BOSTON (Reuters) - For five hours before a Missoula Osprey minor league baseball game last summer, Cheri Pijanowski hand washed 150 white folding chairs with bleach and water.
The metal deck and rails around the seats were power-washed and she meticulously reviewed the concession menu to eliminate not just Cracker Jacks and peanuts, but any ingredient that may contain nuts.
She’ll do it all again this year to bring the crack of the bat and cheer of the crowd to kids -- like her oldest son Joshua -- who otherwise can’t relish in the carefree summer experience of a hometown major league ball game because of severe nut allergies.
The Washington Nationals, St. Louis Cardinals, Seattle Mariners, Boston Red Sox, San Diego Padres and New York Mets are among the roughly half of all big league teams to host at least one nut-controlled game this year.
In most cases, a peanut-controlled game day means offering an isolated section of around 100 seats that have been thoroughly cleaned, banning the sale of nuts nearby, posting signs and ushers around to make fans aware of the nut-free zone and keeping medical staff close for emergencies.
Without these extraordinary efforts, a baseball game can be a nerve-racking afternoon at best for parents of children with severe, potentially fatal, nut allergies.
“It’s like being in a horror movie -- you hear the crunch of shells underfoot and you see people cracking open shells,” said Chicago mom Joyce Davis, whose 11-year-old daughter Julia is allergic to peanuts.
Davis took her family to a peanut allergy friendly game at Wrigley Field last August.
“Julia loves to play baseball, so to see her heroes play live and experience the ballpark vibe, it’s a childhood experience that I don’t think should be kept from people,” said Davis.
The most common reactions to nuts include hives, swelling of the lips and tongue, trouble breathing, nausea or a drop in blood pressure, which in some cases can lead to death.
Peanut allergies affect roughly 0.5 to 1 percent of the population and appear to be on the rise, perhaps even doubling in the last decade, according to experts. It remains unclear exactly why.
Researchers are examining the idea that a child’s immune system has not been properly challenged in an environment that is too clean, also known as the hygiene hypothesis.
Accidentally eating food cooked in peanut oil or made with nuts or inhaling the lingering peanut dust around the ball park can trigger severe reactions in those who are allergic.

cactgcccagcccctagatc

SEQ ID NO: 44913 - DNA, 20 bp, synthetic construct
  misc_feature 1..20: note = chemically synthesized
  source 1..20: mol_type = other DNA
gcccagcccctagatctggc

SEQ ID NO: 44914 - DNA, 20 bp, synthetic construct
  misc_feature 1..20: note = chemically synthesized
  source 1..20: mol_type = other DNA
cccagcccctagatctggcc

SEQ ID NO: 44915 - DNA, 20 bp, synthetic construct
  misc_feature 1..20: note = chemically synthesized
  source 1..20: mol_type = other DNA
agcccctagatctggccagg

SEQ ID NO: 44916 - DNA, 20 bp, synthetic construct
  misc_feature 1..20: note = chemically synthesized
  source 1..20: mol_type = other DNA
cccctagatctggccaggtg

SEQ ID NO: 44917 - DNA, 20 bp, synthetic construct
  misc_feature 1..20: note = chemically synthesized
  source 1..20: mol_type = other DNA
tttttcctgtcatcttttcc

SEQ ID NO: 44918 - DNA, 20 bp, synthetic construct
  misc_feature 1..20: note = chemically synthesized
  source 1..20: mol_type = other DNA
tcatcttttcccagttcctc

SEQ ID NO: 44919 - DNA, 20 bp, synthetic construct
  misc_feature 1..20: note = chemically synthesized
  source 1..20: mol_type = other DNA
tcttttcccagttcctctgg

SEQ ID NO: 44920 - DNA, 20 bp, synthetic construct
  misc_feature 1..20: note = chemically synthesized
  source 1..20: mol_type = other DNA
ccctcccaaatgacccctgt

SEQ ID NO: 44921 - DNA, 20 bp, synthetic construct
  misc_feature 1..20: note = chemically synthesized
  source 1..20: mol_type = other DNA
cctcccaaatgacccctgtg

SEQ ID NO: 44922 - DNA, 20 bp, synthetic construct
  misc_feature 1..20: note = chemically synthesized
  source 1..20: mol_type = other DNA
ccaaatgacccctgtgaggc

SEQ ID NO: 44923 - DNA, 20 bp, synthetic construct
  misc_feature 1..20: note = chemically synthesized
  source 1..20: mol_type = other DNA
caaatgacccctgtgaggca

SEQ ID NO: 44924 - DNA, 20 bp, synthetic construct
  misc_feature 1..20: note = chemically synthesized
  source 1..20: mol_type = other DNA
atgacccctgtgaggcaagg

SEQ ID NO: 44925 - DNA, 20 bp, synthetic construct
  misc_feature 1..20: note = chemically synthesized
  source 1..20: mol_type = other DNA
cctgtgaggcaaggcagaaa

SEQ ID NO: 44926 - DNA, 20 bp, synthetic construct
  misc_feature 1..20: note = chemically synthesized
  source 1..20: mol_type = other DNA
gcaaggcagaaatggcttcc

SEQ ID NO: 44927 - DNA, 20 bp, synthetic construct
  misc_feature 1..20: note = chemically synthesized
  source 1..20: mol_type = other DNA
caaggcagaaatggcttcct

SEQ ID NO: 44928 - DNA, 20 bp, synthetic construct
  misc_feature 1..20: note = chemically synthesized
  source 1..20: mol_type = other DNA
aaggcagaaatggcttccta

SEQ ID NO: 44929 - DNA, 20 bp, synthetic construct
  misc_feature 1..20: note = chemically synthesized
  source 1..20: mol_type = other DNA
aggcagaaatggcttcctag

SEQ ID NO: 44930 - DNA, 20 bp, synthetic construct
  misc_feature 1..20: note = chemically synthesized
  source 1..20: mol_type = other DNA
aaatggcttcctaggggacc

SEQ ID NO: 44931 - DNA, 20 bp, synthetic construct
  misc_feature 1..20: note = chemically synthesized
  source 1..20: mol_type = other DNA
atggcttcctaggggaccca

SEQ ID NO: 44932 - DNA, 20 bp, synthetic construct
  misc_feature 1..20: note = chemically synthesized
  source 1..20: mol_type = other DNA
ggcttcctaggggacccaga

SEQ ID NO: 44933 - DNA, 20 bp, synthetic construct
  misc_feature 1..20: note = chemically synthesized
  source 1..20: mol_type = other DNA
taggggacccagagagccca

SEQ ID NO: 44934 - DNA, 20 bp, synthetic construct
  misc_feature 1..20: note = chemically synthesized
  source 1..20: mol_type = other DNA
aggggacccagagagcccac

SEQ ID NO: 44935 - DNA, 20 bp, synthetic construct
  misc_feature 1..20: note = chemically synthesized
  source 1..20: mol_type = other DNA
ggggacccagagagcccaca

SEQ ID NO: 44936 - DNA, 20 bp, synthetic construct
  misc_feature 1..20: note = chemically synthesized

Minnesota Twins fans with nut allergies were invited to Monday’s game against the Los Angeles Dodgers.
At Target Field in Minneapolis, 100 fans will watch the action from two balconies tucked in the left field corner that provide a stellar view, a separate entrance and peanut-free concessions, said marketing vice president Patrick Klinger.
Kids with severe peanut and tree nut allergies, like Jenny Kales’ 11-year-old daughter Alexandra, are unlikely to outgrow their sensitivity and are accustomed to traveling with hand wipes, medicine, their own snacks and an EpiPen used to counter an anaphylactic reaction. The Kales family attended the Cubs game last summer worry-free for Alexandra’s first game.
“When you take the food allergy out of the equation, it’s a huge thing because it lets you have a regular experience,” she said.
At Boston’s storied Fenway Park, the stadium sells some 1,000 bags of Cracker Jacks and 3,000 bags of peanuts during a single game, said Red Sox senior manager of public affairs Zineb Marchoudi.
But the team also organized three games this season with a peanut allergy friendly section for 226 people and made available throughout the season a sanitized 10-person booth.
Away from big cities and major league clubs, families are finding a number of minor league teams with peanut-free accommodations.
The Rochester Red Wings 12,000-seat stadium in upstate New York has a grassy beam on the third baseline that is a no-peanut zone for every game, said team President Naomi Silver.
The stadium also offers allergen-free food at a concession stand dubbed FREE that offers munchies made without basic allergens like nuts, dairy, wheat and shellfish.
“It may not be the most popular, but it is the most appreciated food stand in the stadium,” said Silver.
Editing by Barbara Goldberg and Jerry Norton